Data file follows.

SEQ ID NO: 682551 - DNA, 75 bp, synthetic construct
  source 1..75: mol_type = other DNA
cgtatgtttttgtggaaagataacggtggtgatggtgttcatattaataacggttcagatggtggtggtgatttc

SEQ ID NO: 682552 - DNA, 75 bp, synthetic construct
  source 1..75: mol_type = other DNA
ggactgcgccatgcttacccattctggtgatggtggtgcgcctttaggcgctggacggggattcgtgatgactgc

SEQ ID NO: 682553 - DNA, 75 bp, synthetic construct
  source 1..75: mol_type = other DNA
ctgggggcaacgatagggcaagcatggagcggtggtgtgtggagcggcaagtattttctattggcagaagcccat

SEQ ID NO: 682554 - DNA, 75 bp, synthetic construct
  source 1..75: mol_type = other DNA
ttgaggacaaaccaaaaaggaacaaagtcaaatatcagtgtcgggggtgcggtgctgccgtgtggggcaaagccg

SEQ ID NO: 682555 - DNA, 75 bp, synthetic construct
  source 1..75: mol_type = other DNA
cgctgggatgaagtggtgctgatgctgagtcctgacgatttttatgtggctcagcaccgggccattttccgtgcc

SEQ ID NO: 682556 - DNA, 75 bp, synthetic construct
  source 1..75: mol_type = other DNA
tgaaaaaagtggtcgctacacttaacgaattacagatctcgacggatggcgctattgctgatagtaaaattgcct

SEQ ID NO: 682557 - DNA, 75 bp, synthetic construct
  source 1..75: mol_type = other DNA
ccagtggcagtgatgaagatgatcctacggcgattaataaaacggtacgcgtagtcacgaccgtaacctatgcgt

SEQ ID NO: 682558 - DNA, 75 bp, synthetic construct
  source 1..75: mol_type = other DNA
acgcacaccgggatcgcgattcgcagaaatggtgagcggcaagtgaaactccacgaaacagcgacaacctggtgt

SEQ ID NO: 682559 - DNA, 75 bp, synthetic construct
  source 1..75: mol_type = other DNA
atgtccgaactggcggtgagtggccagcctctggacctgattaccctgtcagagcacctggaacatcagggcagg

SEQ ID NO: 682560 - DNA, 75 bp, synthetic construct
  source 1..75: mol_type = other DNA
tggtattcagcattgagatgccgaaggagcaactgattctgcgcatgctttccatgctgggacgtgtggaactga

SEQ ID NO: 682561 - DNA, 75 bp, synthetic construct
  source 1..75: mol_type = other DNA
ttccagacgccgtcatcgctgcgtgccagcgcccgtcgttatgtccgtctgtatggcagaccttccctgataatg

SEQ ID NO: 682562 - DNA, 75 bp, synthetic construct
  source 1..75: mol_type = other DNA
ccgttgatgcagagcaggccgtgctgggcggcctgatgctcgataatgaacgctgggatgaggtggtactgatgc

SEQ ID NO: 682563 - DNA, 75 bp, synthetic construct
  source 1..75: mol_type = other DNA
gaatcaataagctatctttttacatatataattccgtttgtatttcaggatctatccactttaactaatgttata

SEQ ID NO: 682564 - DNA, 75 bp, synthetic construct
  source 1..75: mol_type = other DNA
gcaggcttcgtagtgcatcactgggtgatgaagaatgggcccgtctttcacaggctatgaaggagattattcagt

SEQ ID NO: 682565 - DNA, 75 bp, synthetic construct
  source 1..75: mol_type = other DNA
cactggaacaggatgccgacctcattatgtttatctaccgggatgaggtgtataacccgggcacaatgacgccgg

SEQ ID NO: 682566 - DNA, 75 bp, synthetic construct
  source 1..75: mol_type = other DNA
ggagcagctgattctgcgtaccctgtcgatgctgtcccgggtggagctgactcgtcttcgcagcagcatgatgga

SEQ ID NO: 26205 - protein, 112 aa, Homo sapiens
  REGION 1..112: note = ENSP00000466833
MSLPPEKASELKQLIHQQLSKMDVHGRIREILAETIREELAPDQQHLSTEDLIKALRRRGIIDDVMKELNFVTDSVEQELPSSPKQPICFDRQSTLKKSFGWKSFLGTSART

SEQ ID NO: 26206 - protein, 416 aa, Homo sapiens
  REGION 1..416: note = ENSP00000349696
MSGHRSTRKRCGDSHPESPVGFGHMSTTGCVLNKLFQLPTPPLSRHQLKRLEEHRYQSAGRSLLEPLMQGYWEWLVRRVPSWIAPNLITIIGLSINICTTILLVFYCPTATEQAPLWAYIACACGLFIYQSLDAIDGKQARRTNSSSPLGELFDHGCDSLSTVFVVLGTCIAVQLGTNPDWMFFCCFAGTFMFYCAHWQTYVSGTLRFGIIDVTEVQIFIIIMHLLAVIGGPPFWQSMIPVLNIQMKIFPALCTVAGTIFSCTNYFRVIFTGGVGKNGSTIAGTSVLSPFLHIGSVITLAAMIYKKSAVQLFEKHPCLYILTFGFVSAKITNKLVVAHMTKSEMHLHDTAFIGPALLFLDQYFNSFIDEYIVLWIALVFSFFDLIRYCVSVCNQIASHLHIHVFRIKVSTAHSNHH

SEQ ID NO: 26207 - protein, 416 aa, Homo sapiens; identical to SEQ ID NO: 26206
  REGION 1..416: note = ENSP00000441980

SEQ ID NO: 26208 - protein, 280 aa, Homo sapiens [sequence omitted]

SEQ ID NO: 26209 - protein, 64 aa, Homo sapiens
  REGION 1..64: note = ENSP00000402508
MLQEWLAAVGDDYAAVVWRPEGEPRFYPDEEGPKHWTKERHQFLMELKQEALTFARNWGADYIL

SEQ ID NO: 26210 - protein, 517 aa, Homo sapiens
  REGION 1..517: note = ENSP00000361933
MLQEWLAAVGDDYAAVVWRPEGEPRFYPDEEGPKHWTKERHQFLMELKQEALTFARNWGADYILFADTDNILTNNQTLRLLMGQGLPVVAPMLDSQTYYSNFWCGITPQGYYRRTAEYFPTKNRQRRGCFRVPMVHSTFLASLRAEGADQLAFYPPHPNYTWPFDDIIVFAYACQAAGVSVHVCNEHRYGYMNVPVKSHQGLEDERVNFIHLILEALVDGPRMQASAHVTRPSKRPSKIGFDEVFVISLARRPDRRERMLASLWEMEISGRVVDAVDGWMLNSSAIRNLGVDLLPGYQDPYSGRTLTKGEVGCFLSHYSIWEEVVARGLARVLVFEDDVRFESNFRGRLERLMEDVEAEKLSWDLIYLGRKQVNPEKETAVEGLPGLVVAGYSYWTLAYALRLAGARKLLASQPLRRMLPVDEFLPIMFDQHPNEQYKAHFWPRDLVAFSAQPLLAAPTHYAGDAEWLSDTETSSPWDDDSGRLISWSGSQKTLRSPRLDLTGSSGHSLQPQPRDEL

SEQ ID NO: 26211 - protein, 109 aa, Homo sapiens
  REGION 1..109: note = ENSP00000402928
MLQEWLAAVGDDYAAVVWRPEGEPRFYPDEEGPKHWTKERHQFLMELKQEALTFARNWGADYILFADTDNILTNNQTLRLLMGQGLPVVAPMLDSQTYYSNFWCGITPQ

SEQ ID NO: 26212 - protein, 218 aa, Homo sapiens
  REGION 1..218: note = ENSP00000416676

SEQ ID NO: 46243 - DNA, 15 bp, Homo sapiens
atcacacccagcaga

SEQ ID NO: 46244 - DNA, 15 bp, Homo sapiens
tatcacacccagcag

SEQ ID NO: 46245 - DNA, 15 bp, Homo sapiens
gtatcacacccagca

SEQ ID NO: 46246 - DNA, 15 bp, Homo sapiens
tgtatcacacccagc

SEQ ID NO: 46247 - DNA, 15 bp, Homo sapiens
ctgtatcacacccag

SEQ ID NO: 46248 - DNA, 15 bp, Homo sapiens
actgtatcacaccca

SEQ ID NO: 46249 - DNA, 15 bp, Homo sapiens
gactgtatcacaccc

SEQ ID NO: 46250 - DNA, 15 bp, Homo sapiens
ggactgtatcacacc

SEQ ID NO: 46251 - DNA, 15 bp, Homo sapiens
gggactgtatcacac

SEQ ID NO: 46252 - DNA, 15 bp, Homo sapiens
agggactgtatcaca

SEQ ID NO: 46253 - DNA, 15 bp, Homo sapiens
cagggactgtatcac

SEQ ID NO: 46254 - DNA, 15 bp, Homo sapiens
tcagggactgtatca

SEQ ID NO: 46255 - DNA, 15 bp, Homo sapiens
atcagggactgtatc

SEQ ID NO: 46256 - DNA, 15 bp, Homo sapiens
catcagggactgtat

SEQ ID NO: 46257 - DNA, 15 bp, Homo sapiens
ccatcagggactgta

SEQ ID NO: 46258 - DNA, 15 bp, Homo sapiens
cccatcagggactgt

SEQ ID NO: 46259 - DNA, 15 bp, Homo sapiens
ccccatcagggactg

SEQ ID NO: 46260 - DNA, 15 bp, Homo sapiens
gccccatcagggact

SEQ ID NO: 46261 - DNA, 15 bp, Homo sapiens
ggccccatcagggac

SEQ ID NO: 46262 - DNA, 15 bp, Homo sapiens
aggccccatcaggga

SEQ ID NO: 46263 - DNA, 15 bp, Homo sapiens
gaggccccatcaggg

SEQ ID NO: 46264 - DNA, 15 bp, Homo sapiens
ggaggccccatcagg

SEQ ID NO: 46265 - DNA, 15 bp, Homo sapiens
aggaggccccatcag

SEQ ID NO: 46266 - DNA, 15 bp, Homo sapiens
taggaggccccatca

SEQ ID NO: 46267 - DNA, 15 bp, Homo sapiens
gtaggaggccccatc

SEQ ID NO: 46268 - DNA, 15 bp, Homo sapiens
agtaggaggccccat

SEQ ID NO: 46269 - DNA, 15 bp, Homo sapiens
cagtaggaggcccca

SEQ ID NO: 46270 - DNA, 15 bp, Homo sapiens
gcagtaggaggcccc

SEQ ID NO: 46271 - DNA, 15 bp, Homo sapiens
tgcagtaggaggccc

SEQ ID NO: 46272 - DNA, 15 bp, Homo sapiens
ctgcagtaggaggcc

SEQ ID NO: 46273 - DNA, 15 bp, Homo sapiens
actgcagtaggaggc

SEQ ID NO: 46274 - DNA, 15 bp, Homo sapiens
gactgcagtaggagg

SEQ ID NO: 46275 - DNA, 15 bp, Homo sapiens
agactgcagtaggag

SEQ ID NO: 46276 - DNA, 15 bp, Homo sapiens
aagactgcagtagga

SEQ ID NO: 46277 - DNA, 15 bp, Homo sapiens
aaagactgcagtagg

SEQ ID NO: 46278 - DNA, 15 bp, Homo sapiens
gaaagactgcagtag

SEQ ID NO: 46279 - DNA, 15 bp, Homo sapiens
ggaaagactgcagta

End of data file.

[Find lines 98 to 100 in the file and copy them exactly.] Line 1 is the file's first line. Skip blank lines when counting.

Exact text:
ccatcagggactgta

SEQ ID NO: 46258 - DNA, 15 bp, Homo sapiens
cccatcagggactgt